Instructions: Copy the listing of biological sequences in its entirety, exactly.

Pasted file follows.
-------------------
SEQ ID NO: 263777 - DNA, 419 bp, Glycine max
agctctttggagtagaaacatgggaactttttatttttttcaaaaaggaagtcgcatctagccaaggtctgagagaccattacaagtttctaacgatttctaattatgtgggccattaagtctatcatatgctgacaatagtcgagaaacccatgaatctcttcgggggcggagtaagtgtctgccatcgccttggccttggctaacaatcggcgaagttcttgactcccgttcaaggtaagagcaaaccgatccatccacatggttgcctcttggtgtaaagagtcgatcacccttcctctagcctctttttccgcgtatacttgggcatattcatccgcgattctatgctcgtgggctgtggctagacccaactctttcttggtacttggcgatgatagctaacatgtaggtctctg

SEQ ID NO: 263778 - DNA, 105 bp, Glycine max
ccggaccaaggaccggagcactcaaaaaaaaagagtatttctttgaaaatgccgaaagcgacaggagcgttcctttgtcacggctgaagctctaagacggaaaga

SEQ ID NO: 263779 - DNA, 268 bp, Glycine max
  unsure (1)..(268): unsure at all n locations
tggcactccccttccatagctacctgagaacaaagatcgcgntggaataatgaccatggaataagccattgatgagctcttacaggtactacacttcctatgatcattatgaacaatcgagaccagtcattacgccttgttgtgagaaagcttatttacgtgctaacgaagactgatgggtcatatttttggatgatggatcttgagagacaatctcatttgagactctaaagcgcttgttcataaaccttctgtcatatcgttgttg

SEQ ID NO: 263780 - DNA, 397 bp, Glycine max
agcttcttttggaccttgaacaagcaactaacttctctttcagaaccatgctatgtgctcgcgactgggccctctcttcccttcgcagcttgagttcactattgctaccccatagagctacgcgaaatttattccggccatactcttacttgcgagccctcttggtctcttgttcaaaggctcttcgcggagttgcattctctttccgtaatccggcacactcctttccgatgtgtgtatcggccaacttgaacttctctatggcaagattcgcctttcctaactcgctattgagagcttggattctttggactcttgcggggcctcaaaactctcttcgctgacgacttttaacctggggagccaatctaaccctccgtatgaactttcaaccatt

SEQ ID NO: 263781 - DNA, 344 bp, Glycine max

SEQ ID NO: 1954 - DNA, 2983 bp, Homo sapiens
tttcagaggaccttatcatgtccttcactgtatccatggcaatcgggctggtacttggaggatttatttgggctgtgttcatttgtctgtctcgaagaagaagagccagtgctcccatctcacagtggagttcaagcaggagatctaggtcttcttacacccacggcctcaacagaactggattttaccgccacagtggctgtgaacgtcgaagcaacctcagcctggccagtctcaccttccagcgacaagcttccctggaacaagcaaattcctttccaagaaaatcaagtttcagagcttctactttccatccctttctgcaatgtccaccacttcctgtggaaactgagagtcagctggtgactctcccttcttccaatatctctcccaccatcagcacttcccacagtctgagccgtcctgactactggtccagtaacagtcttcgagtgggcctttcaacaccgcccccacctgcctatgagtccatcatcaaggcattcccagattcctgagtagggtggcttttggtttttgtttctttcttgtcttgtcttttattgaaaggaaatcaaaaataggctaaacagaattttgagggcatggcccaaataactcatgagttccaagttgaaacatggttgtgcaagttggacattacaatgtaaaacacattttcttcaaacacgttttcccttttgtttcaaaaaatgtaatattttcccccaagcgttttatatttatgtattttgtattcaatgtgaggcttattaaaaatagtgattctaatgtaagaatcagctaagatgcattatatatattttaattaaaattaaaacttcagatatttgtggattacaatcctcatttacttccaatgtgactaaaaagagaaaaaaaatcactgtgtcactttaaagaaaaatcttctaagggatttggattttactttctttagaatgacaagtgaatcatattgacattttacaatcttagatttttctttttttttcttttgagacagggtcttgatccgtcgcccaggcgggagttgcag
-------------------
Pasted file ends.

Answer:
SEQ ID NO: 263777 - DNA, 419 bp, Glycine max
agctctttggagtagaaacatgggaactttttatttttttcaaaaaggaagtcgcatctagccaaggtctgagagaccattacaagtttctaacgatttctaattatgtgggccattaagtctatcatatgctgacaatagtcgagaaacccatgaatctcttcgggggcggagtaagtgtctgccatcgccttggccttggctaacaatcggcgaagttcttgactcccgttcaaggtaagagcaaaccgatccatccacatggttgcctcttggtgtaaagagtcgatcacccttcctctagcctctttttccgcgtatacttgggcatattcatccgcgattctatgctcgtgggctgtggctagacccaactctttcttggtacttggcgatgatagctaacatgtaggtctctg

SEQ ID NO: 263778 - DNA, 105 bp, Glycine max
ccggaccaaggaccggagcactcaaaaaaaaagagtatttctttgaaaatgccgaaagcgacaggagcgttcctttgtcacggctgaagctctaagacggaaaga

SEQ ID NO: 263779 - DNA, 268 bp, Glycine max
  unsure (1)..(268): unsure at all n locations
tggcactccccttccatagctacctgagaacaaagatcgcgntggaataatgaccatggaataagccattgatgagctcttacaggtactacacttcctatgatcattatgaacaatcgagaccagtcattacgccttgttgtgagaaagcttatttacgtgctaacgaagactgatgggtcatatttttggatgatggatcttgagagacaatctcatttgagactctaaagcgcttgttcataaaccttctgtcatatcgttgttg

SEQ ID NO: 263780 - DNA, 397 bp, Glycine max
agcttcttttggaccttgaacaagcaactaacttctctttcagaaccatgctatgtgctcgcgactgggccctctcttcccttcgcagcttgagttcactattgctaccccatagagctacgcgaaatttattccggccatactcttacttgcgagccctcttggtctcttgttcaaaggctcttcgcggagttgcattctctttccgtaatccggcacactcctttccgatgtgtgtatcggccaacttgaacttctctatggcaagattcgcctttcctaactcgctattgagagcttggattctttggactcttgcggggcctcaaaactctcttcgctgacgacttttaacctggggagccaatctaaccctccgtatgaactttcaaccatt

SEQ ID NO: 263781 - DNA, 344 bp, Glycine max

SEQ ID NO: 1954 - DNA, 2983 bp, Homo sapiens
tttcagaggaccttatcatgtccttcactgtatccatggcaatcgggctggtacttggaggatttatttgggctgtgttcatttgtctgtctcgaagaagaagagccagtgctcccatctcacagtggagttcaagcaggagatctaggtcttcttacacccacggcctcaacagaactggattttaccgccacagtggctgtgaacgtcgaagcaacctcagcctggccagtctcaccttccagcgacaagcttccctggaacaagcaaattcctttccaagaaaatcaagtttcagagcttctactttccatccctttctgcaatgtccaccacttcctgtggaaactgagagtcagctggtgactctcccttcttccaatatctctcccaccatcagcacttcccacagtctgagccgtcctgactactggtccagtaacagtcttcgagtgggcctttcaacaccgcccccacctgcctatgagtccatcatcaaggcattcccagattcctgagtagggtggcttttggtttttgtttctttcttgtcttgtcttttattgaaaggaaatcaaaaataggctaaacagaattttgagggcatggcccaaataactcatgagttccaagttgaaacatggttgtgcaagttggacattacaatgtaaaacacattttcttcaaacacgttttcccttttgtttcaaaaaatgtaatattttcccccaagcgttttatatttatgtattttgtattcaatgtgaggcttattaaaaatagtgattctaatgtaagaatcagctaagatgcattatatatattttaattaaaattaaaacttcagatatttgtggattacaatcctcatttacttccaatgtgactaaaaagagaaaaaaaatcactgtgtcactttaaagaaaaatcttctaagggatttggattttactttctttagaatgacaagtgaatcatattgacattttacaatcttagatttttctttttttttcttttgagacagggtcttgatccgtcgcccaggcgggagttgcag